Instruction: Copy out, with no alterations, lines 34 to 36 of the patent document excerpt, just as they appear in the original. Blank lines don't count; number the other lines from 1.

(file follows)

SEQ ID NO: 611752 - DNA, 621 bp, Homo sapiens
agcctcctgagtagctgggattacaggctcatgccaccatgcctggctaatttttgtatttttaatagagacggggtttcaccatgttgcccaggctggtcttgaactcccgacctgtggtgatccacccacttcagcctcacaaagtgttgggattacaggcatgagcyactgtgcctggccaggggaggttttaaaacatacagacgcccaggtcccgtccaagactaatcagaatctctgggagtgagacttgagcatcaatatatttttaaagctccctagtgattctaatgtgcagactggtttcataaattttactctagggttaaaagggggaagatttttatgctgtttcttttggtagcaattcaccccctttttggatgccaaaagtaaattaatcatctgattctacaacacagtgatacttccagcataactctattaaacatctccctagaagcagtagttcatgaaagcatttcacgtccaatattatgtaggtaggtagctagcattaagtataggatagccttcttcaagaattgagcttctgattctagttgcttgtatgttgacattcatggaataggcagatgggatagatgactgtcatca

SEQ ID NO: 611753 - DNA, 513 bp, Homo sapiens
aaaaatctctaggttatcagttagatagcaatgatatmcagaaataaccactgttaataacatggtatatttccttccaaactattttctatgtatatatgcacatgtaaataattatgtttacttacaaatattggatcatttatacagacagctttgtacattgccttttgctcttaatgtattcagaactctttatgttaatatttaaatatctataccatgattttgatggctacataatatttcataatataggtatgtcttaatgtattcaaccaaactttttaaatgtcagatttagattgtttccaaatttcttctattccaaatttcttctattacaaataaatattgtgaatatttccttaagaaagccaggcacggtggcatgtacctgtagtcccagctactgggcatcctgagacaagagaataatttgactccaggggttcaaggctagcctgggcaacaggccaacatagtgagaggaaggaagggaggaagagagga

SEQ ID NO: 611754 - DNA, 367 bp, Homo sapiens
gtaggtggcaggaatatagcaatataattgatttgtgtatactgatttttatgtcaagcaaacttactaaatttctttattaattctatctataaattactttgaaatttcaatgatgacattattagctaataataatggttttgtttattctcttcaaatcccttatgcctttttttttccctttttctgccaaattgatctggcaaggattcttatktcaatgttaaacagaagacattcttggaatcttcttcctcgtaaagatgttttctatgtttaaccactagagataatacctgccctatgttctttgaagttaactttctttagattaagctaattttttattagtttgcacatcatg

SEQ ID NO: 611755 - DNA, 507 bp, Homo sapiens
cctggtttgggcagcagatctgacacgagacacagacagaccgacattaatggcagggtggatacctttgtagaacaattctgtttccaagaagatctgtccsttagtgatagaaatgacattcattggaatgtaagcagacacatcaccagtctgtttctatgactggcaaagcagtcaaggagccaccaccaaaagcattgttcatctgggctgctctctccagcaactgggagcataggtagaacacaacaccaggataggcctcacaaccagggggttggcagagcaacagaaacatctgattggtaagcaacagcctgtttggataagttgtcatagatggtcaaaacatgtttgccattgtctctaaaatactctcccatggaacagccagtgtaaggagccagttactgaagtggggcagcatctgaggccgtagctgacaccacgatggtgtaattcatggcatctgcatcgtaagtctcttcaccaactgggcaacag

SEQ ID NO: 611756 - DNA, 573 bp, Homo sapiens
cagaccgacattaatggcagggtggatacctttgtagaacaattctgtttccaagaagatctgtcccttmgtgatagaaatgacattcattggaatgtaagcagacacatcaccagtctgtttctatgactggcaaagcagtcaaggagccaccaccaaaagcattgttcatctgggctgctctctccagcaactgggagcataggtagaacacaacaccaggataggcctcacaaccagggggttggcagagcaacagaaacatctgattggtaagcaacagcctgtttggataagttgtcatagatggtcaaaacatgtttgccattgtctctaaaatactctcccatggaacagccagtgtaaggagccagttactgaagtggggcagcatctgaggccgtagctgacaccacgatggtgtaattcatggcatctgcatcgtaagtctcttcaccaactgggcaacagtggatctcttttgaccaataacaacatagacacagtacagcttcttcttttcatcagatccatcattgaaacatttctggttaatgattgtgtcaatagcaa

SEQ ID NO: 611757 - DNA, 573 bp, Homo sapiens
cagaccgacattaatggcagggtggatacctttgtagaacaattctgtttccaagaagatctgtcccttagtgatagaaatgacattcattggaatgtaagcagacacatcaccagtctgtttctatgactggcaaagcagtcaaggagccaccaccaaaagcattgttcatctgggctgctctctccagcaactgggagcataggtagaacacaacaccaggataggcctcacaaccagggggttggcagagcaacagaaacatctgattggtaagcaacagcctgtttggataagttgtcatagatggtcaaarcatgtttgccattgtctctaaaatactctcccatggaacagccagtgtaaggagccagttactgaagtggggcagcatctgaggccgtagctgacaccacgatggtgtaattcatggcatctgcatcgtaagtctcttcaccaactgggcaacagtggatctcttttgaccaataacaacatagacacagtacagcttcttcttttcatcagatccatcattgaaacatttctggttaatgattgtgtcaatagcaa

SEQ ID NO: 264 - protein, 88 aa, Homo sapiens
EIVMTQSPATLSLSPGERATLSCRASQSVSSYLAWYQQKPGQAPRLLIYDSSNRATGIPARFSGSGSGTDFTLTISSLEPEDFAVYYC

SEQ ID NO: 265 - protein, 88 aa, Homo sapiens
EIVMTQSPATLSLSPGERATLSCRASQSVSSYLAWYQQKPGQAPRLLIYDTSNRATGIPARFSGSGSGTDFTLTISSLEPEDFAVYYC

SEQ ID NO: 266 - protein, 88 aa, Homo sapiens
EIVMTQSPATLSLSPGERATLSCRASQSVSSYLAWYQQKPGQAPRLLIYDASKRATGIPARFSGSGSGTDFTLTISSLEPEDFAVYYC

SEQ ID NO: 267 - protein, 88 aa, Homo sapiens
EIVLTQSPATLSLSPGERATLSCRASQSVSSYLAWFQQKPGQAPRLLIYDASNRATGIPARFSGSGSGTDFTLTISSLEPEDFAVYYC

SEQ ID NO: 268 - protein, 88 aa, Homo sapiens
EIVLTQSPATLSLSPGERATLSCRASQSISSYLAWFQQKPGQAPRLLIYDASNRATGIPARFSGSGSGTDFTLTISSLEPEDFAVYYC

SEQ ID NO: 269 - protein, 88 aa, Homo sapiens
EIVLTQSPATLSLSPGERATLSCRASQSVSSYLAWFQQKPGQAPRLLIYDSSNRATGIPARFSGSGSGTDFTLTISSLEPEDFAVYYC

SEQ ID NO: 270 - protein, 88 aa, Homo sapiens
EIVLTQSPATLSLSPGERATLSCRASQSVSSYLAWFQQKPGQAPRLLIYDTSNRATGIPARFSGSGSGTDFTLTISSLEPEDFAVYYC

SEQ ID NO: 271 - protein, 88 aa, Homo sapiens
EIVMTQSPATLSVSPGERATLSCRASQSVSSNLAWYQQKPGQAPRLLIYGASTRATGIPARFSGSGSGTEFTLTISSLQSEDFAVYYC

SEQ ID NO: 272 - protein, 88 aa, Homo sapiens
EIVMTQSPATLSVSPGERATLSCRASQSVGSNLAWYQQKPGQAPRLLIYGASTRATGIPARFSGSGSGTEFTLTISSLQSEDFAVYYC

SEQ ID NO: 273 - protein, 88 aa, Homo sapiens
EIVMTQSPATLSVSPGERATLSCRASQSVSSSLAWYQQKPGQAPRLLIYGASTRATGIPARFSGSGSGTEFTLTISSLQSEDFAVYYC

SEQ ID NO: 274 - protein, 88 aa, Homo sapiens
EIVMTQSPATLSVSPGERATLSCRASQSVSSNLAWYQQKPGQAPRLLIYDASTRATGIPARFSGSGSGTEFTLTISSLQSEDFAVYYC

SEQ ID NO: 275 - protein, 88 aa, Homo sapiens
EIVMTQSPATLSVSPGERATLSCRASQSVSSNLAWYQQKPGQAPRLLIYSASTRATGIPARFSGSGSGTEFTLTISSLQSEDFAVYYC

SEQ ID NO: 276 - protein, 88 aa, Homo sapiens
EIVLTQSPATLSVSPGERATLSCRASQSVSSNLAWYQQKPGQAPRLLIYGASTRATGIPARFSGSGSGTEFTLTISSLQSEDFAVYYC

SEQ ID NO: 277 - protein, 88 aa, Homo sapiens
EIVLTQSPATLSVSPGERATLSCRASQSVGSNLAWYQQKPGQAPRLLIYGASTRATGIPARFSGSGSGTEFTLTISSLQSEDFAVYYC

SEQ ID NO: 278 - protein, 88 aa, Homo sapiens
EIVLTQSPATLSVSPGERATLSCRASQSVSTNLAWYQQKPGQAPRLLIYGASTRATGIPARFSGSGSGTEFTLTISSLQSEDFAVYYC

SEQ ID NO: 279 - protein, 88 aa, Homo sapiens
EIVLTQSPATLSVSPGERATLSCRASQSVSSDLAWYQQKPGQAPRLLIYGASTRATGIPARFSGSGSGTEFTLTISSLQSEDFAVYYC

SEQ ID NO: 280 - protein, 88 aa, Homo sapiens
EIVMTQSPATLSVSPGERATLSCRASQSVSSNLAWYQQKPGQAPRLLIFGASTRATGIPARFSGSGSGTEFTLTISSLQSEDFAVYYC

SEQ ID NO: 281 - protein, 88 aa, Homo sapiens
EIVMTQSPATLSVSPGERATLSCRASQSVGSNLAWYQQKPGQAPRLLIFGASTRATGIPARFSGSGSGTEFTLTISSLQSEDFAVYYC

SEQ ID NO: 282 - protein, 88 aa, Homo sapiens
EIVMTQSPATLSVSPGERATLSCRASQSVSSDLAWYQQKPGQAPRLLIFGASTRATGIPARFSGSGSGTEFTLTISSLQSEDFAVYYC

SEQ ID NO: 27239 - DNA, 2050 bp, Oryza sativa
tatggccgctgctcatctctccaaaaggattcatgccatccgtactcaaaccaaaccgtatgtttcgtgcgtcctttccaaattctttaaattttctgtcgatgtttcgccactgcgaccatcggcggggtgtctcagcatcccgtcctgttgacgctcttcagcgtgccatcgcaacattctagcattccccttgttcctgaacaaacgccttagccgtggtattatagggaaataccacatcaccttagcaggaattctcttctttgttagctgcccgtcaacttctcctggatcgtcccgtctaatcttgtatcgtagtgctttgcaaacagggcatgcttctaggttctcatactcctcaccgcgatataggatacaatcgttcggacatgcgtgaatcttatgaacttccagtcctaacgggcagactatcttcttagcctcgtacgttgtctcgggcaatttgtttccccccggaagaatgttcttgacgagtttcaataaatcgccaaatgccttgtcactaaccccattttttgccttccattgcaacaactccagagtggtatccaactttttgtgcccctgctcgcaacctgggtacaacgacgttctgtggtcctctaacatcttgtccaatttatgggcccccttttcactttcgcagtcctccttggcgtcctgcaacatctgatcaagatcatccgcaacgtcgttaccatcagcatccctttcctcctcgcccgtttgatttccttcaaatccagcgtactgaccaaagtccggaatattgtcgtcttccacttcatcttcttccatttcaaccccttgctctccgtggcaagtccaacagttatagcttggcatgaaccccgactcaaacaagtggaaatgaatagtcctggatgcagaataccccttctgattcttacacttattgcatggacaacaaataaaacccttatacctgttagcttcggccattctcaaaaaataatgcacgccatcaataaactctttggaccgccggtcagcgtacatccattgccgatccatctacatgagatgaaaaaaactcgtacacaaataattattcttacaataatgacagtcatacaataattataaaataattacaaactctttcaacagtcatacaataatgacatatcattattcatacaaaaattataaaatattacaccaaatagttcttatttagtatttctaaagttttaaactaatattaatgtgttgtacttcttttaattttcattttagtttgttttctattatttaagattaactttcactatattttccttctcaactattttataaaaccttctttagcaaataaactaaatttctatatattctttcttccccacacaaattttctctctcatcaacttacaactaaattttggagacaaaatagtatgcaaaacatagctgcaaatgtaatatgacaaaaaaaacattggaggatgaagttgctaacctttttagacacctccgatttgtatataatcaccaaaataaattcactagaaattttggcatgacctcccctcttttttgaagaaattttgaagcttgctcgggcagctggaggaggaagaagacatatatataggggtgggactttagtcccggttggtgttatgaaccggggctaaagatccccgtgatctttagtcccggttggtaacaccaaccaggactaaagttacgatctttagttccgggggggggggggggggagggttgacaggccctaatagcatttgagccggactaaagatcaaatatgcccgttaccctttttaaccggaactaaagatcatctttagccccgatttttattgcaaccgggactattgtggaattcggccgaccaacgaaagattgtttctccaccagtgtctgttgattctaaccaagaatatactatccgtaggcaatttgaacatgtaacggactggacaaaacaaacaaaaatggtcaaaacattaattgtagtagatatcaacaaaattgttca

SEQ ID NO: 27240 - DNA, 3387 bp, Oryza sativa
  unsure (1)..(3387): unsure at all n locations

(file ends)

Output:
EIVMTQSPATLSVSPGERATLSCRASQSVSSNLAWYQQKPGQAPRLLIYDASTRATGIPARFSGSGSGTEFTLTISSLQSEDFAVYYC

SEQ ID NO: 275 - protein, 88 aa, Homo sapiens
EIVMTQSPATLSVSPGERATLSCRASQSVSSNLAWYQQKPGQAPRLLIYSASTRATGIPARFSGSGSGTEFTLTISSLQSEDFAVYYC